Solving business data overload

An ever-strengthening desire for more data is leaving some businesses with a confused outlook so integrating information is vital to solve the problem

Companies are drowning in data and most have only a partial view into their own operations. But integrating information into clearly defined formats of files and layout gives businesses the ability to understand their processes and make informed decisions.

Organisations are realising the urgency of using integration and access software – defined by analyst house IDC as enabling the access, blending and movement of data among multiple sources – and by next year global spending is set to hit $6 billion (£3.9 billion).

“Companies have many sources and different funnels of information listed in multiple formats,” says Alys Woodward, IDC research director, adding that this has to be addressed.

Businesses have to create an integrated view, otherwise it’s not clear how well they are performing, how to mitigate risks and how to enable people to collaborate

Philip Howard, research director at Bloor, adds: “Data integration is like a road that connects two cities. If you need two applications to work, they must be able to communicate.”

In one classic form of integration, a company may pull together information on customers, a pipeline of sales, product types and stock availability. If information is kept in standard formats, collation is easier, but the growing complexity of data is quickly putting companies on the back foot.

“Businesses have to create an integrated view, otherwise it’s not clear how well they are performing, how to mitigate risks and how to enable people to collaborate,” explains Ted Friedman, a vice president at Gartner.

Many firms begin on the integration path by writing their own code. As the scale of the task becomes apparent, they turn to more advanced tools that graphically illustrate and automate data.

Regulated industries, such as financial services and health, tend to be ahead of the curve in using data integration tools, Ms Woodward argues, “because of the requirement to demonstrate what they are doing”. Telecoms and retail, facing vast volumes of data, have also taken large strides.

One company to have pulled together its many sources of information is large US hospital alliance Premier. Keith Figlioli, senior vice president, says that given the prevailing shift to payment based on quality and efficiency, its 3,400 hospital members have to analyse complex financial, operational and clinical data quickly.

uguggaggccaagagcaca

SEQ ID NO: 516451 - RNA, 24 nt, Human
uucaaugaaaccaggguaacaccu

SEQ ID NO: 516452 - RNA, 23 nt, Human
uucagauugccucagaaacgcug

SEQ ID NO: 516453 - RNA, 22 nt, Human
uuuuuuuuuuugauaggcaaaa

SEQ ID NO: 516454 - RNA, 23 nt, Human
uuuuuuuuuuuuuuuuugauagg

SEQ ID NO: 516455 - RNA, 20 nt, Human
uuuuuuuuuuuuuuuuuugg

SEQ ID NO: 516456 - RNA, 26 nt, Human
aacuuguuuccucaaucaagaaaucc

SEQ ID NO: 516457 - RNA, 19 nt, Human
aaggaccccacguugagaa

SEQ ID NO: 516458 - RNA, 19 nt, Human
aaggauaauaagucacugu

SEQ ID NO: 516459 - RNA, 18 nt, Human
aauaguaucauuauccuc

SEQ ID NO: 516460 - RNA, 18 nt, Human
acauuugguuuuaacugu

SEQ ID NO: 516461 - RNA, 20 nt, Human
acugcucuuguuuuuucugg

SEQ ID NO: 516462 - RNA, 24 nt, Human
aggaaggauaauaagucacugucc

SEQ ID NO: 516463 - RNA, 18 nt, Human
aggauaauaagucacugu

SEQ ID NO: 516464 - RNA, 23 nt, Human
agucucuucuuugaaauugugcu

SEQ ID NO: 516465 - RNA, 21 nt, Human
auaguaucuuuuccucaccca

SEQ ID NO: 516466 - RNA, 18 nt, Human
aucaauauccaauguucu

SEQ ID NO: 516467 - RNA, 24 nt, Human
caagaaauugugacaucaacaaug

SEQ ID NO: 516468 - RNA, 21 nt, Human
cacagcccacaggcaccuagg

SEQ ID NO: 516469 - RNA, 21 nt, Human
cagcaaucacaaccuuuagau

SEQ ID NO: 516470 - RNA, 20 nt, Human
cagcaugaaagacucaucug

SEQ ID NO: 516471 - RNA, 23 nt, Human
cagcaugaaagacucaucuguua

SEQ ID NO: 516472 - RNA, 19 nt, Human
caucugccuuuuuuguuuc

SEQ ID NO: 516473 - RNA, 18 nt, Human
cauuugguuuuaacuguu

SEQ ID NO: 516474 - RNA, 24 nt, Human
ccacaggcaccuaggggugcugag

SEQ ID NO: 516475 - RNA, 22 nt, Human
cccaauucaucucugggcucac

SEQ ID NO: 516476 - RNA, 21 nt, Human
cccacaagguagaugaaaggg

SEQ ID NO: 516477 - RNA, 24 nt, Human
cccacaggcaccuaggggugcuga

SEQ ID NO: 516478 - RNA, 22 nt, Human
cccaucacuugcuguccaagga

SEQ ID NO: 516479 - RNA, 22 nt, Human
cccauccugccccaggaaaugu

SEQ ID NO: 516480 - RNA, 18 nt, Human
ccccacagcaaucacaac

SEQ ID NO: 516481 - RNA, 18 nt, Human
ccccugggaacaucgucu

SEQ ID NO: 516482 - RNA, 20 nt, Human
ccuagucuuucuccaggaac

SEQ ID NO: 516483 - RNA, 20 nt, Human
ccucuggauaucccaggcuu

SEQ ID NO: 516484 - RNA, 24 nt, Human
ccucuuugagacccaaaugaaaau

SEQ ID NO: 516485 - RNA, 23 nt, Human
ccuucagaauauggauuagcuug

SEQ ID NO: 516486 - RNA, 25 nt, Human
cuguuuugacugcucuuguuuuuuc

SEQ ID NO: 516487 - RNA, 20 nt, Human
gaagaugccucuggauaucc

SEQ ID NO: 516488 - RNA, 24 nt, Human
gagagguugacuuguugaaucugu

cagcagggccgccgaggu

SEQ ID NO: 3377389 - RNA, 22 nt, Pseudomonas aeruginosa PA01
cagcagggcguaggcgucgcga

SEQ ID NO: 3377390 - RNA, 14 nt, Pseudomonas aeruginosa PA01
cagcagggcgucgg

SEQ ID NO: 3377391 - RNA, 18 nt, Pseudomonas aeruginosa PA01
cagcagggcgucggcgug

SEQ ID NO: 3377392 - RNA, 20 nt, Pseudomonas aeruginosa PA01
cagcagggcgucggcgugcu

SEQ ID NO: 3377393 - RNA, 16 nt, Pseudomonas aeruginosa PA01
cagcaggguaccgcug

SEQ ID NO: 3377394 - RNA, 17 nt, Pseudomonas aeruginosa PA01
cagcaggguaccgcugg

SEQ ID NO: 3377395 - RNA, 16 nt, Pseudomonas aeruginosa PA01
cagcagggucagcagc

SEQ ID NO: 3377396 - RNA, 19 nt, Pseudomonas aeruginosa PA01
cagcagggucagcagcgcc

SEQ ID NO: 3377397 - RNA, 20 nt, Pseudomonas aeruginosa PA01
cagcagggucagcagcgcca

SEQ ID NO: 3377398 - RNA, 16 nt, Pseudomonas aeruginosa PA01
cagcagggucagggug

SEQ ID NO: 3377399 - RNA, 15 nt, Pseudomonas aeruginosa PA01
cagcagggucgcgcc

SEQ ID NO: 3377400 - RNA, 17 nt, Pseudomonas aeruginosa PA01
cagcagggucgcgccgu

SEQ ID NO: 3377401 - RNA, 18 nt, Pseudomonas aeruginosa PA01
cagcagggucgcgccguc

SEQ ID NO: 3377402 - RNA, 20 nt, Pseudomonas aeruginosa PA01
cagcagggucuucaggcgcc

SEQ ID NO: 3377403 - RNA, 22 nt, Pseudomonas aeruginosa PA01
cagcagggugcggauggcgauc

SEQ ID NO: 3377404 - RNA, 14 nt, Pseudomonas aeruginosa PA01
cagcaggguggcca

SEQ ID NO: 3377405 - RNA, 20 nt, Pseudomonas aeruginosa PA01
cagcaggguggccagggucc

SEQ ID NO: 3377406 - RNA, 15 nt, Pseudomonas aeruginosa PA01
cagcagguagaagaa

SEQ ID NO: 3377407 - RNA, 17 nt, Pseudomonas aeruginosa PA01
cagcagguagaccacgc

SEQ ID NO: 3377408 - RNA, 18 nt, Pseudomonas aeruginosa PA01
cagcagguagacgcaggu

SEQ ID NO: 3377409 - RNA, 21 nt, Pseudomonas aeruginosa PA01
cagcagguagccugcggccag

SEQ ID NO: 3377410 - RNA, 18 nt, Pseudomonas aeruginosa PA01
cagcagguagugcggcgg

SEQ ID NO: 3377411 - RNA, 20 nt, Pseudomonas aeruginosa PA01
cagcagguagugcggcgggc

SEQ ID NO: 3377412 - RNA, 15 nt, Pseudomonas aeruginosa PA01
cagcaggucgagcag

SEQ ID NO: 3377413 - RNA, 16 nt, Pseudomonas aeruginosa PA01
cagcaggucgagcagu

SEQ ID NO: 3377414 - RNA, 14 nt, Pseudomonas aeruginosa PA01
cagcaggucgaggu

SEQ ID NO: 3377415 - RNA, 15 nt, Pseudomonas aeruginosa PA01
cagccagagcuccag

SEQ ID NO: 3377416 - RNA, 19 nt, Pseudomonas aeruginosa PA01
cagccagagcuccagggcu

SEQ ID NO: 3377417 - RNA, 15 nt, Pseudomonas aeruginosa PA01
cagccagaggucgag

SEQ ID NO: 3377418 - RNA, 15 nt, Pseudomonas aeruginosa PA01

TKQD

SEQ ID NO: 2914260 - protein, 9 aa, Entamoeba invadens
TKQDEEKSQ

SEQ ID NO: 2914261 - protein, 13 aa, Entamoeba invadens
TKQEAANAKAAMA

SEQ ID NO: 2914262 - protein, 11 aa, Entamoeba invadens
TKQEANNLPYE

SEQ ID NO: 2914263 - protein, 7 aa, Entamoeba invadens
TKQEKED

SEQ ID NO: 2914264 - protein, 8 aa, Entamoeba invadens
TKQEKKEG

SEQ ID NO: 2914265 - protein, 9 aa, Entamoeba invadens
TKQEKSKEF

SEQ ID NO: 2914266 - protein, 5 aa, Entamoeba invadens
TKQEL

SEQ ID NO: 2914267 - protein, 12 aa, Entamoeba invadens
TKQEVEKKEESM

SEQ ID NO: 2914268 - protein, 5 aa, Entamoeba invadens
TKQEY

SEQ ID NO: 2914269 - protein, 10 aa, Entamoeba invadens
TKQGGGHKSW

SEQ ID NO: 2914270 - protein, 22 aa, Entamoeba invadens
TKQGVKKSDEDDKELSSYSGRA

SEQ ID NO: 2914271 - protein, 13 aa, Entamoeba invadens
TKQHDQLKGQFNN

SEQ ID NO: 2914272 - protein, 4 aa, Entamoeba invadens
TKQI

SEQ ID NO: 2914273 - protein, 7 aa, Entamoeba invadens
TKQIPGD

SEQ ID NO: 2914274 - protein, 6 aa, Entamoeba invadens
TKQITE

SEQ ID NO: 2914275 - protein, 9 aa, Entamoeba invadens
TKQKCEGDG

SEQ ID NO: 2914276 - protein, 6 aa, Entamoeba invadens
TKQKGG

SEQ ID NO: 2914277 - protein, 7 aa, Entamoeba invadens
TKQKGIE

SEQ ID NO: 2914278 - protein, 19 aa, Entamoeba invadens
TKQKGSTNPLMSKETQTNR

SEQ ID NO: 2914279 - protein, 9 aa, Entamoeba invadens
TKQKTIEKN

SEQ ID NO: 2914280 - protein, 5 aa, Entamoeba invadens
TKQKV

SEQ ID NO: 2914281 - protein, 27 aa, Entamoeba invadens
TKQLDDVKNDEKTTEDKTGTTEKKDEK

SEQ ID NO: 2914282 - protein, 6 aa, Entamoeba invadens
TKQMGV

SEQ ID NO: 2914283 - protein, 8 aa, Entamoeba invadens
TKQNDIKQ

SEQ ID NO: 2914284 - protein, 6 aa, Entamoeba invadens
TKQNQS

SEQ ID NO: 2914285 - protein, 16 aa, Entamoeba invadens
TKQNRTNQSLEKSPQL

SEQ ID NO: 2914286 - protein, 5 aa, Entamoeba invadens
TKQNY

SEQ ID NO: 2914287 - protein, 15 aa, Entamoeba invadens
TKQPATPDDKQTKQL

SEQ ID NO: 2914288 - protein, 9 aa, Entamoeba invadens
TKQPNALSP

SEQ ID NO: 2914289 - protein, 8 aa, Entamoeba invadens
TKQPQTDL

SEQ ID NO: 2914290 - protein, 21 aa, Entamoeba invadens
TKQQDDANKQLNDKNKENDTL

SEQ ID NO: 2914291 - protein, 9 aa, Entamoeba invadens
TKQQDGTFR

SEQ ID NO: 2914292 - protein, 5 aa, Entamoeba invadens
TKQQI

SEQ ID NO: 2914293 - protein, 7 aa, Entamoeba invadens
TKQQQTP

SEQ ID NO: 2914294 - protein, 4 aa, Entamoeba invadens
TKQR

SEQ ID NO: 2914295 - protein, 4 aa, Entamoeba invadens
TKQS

The alliance developed a single platform for near-real-time information, processing 3,000 data transactions a second. “We now have the ability to take data from any of our providers’ transactional source systems and use it to provide truly integrated analytics,” Mr Figlioli says.

In the UK, car manufacturer Honda had a serious challenge as its 200 dealers used myriad management systems and file formats. It drew together and formatted the information so that it could better understand customers and sales, and predict part requirements.

Many businesses tend to favour a tool called ETL (extract, transform and load). It enables the process of selectively pulling from various databases, transforming the data into a common format and merging it. The operation is usually run in batches.

More recent systems also help companies manage the different interfaces between applications and visually map integration from a source database to the target. Equally, new technology can take unconnected data and learn relationships.

As the technology develops, so does the severity of the problem it has to tackle. The somewhat encouraged growth in unstructured information, as companies build huge ‘”lakes” of data, leaves them with a repository of files that are rarely formatted or linkable.

This leads to serious accuracy concerns, according to Gartner’s Mr Friedman. “Companies need to look beyond the plumbing and think about the quality of what travels through those pipes,” he says.

Focused investment in information governance and quality is the answer. “Having more technology to help the process around data governance and master data management is the key,” says Mr Figlioli. The “messy” data in the healthcare industry, he explains, is prompting large governance investment.

Another challenge is the struggle to analyse the data quickly. There is a growing appetite for real-time information, particularly when a customer is on the phone or a website needs to create a recommendation. Correctly assembled data, combined with predictive analytics, are crucial.

The situation is further complicated by the growth in cloud computing, which has led to data being held outside company walls. IDC’s Ms Woodward warns: “Companies need to understand it may cost them to access the data layer from the cloud provider; or worse, they may not be able to access it at all.”

The expansion in connected home, business and city devices as part of the internet of things is leading to a large amount of extra data being located in many places. “It will hugely ramp up the sort of technology required,” says Bloor’s Mr Howard, “and many of the connected devices have their own format for information.”

As the challenges increase, companies must invest in both experienced management and advanced technology if they are to pull together all their data for quickly actionable decisions.